The lottery is a type of gambling game in which players purchase numbered tickets and then hope to win a prize by matching the winning numbers. The game is sponsored by a government or other entity as a method of raising funds. In addition to a chance to win a large sum of money, the game has also been used to settle disputes and to award military medals.
While the odds of winning the lottery are extremely slim, there are many people who still choose to play. Whether they believe it is part of their civic duty, or just a way to pass the time, Americans spend over $80 billion on lottery tickets every year. Instead, this money could be better spent on creating emergency savings or paying off credit card debt. In the rare event that someone does actually win the lottery, there are huge tax implications and the winner can go bankrupt within a few years.
Despite the high stakes, lotteries are not without their critics. Many economists point out that they create perverse incentives for people to invest their money in a game that is unlikely to produce any substantial returns. Additionally, the lottery is often viewed as a harmful form of addiction. There are also concerns that it promotes gambling and unhealthy behaviors, especially in children. Some also worry that the lottery is a tax on the poor and lower class.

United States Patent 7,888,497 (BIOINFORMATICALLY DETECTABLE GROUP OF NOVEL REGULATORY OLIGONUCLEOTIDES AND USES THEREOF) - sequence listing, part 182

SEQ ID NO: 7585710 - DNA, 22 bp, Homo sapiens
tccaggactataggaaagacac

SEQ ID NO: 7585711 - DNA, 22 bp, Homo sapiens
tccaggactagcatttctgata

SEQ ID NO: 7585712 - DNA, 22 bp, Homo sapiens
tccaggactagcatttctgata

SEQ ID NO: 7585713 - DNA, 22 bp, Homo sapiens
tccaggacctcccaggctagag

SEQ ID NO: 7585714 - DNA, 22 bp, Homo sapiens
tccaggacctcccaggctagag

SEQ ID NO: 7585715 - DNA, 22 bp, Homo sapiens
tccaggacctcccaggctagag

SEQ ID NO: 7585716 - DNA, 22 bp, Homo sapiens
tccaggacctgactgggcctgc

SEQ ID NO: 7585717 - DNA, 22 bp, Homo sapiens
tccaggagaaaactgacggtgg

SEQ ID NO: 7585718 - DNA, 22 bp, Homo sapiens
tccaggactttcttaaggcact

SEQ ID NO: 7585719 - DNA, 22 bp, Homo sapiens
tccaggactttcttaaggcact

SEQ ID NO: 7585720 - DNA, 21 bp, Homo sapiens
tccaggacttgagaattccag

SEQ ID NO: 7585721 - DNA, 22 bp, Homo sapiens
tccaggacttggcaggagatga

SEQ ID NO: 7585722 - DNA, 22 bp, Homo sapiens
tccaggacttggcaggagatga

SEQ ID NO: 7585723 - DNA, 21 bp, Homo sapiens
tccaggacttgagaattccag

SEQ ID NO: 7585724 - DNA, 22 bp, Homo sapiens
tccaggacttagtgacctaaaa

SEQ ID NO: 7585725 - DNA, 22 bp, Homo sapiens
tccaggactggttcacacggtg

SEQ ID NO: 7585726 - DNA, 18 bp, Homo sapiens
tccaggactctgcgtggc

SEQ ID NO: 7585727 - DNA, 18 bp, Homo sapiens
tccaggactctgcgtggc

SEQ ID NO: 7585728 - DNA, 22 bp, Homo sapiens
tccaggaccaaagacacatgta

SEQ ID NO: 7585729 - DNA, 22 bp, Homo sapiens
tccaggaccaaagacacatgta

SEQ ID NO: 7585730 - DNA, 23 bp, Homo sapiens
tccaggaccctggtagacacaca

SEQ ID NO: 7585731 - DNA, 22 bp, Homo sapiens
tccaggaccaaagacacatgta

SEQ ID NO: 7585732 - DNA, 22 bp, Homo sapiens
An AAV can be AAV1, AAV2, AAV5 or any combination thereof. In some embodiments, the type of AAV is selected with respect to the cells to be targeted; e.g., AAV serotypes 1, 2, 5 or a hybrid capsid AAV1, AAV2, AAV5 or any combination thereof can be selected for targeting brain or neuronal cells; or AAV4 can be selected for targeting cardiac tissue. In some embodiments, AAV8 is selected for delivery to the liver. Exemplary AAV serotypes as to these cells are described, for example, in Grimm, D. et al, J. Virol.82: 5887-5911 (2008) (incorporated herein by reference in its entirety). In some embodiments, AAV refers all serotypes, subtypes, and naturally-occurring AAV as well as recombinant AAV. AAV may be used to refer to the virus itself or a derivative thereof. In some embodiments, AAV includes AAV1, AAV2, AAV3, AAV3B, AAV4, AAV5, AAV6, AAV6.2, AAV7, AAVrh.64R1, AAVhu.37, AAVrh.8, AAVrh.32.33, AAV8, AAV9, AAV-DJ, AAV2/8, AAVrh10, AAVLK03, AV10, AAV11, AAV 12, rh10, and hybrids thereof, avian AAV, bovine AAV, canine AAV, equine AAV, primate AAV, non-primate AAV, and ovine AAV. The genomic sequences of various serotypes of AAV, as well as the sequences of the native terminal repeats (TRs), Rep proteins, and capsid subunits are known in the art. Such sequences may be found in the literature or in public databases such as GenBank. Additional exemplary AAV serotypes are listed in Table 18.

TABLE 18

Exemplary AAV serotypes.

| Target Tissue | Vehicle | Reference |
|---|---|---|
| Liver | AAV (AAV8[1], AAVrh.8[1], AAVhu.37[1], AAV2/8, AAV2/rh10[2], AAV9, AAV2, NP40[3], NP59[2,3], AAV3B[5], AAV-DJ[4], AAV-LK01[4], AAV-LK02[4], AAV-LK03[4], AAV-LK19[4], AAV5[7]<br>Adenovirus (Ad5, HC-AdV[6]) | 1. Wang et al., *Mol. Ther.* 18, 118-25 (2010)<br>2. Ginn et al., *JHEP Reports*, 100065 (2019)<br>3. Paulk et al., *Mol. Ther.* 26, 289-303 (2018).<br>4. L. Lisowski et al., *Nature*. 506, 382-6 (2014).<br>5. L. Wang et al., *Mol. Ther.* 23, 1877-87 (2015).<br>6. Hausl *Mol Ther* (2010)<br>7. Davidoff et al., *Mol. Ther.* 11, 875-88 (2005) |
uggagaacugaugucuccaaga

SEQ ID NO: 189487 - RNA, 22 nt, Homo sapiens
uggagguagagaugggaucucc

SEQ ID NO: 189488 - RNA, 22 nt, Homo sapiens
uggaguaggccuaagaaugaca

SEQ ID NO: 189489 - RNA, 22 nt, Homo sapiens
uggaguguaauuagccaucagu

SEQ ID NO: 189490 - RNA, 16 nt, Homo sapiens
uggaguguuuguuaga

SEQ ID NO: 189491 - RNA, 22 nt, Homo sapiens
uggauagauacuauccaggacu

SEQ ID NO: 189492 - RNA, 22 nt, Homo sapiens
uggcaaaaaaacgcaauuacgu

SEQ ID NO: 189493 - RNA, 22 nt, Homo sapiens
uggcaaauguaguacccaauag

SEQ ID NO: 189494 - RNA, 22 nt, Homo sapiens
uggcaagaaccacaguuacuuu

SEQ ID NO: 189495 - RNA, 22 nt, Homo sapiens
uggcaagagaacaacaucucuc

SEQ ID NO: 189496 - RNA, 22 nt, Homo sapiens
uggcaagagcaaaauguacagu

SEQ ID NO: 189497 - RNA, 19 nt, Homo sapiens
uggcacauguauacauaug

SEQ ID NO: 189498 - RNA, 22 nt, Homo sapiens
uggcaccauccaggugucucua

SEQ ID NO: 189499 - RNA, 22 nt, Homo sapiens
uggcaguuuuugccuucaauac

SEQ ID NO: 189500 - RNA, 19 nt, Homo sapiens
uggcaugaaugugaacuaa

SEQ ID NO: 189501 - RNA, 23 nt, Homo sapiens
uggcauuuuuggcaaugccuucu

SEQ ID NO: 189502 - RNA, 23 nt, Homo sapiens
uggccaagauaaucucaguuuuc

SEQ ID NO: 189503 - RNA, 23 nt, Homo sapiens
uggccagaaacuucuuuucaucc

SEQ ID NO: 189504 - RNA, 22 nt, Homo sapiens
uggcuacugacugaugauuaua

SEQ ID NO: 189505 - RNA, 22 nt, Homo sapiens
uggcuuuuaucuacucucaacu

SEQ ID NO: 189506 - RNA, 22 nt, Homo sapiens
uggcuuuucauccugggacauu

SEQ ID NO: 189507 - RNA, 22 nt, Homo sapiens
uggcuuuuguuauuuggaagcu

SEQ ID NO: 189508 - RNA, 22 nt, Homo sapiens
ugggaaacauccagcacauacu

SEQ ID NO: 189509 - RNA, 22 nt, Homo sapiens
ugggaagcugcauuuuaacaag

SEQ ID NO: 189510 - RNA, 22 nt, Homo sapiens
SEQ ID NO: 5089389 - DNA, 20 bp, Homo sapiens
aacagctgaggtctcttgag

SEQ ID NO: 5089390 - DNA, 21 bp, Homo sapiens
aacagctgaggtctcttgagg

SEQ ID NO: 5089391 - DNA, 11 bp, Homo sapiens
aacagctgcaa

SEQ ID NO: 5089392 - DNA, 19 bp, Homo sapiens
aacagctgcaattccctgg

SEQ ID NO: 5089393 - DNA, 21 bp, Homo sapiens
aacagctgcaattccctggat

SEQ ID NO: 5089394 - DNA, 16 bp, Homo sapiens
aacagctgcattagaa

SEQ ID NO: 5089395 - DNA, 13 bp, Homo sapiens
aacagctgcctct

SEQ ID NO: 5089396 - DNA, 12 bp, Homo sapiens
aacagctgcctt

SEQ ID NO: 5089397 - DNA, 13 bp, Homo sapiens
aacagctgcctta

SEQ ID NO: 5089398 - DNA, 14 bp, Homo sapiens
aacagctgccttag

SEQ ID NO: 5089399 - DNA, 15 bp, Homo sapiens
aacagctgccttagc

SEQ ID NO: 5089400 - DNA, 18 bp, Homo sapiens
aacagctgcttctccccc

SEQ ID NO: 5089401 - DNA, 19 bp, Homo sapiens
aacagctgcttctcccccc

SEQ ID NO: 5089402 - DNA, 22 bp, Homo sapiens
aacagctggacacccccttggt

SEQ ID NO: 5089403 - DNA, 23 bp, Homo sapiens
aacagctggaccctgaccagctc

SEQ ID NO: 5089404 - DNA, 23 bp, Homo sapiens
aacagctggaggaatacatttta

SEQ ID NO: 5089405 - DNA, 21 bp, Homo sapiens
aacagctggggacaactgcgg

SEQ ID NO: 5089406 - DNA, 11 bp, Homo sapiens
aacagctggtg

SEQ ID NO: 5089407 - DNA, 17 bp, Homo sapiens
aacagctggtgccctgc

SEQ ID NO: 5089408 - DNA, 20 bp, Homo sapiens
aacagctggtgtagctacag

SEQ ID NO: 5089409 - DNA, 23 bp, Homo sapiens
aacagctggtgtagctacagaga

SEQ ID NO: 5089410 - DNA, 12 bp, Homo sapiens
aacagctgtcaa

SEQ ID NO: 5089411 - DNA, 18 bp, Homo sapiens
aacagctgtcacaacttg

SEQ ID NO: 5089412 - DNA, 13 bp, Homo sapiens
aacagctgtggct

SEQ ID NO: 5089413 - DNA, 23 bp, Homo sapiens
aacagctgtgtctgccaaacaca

There is no one-size-fits-all solution for state lotteries, but there are a few common elements. First, there must be some mechanism for recording the identities and amounts of money that are staked by each bettor. This may be done through a simple written receipt that is deposited with the lottery organization for subsequent shuffling and selection in a drawing, or by computer systems that record purchases and print tickets in retail shops.
It is also essential to have a procedure for selecting the winning numbers or symbols. This usually involves thoroughly mixing the pool of tickets and their counterfoils by some mechanical means, such as shaking or tossing. This is a necessary step to ensure that the selection is truly random. Computers have become increasingly popular for this purpose because of their ability to store information about the tickets and generate random combinations of numbers.
Aside from the chance to win a big prize, lottery participants are attracted to the idea that they can change their lives through luck. This is an appealing message to many people, and it is a major reason why the lottery continues to attract players despite the low odds of winning. In fact, it is estimated that the average American loses more than they win.
Unlike other games of chance, the lottery does not discriminate. It doesn’t matter if you are black, white, Hispanic, skinny, fat, or Republican. You can still win the lottery if you have the right numbers. However, you should avoid choosing numbers that have a pattern because this will reduce your chances of winning.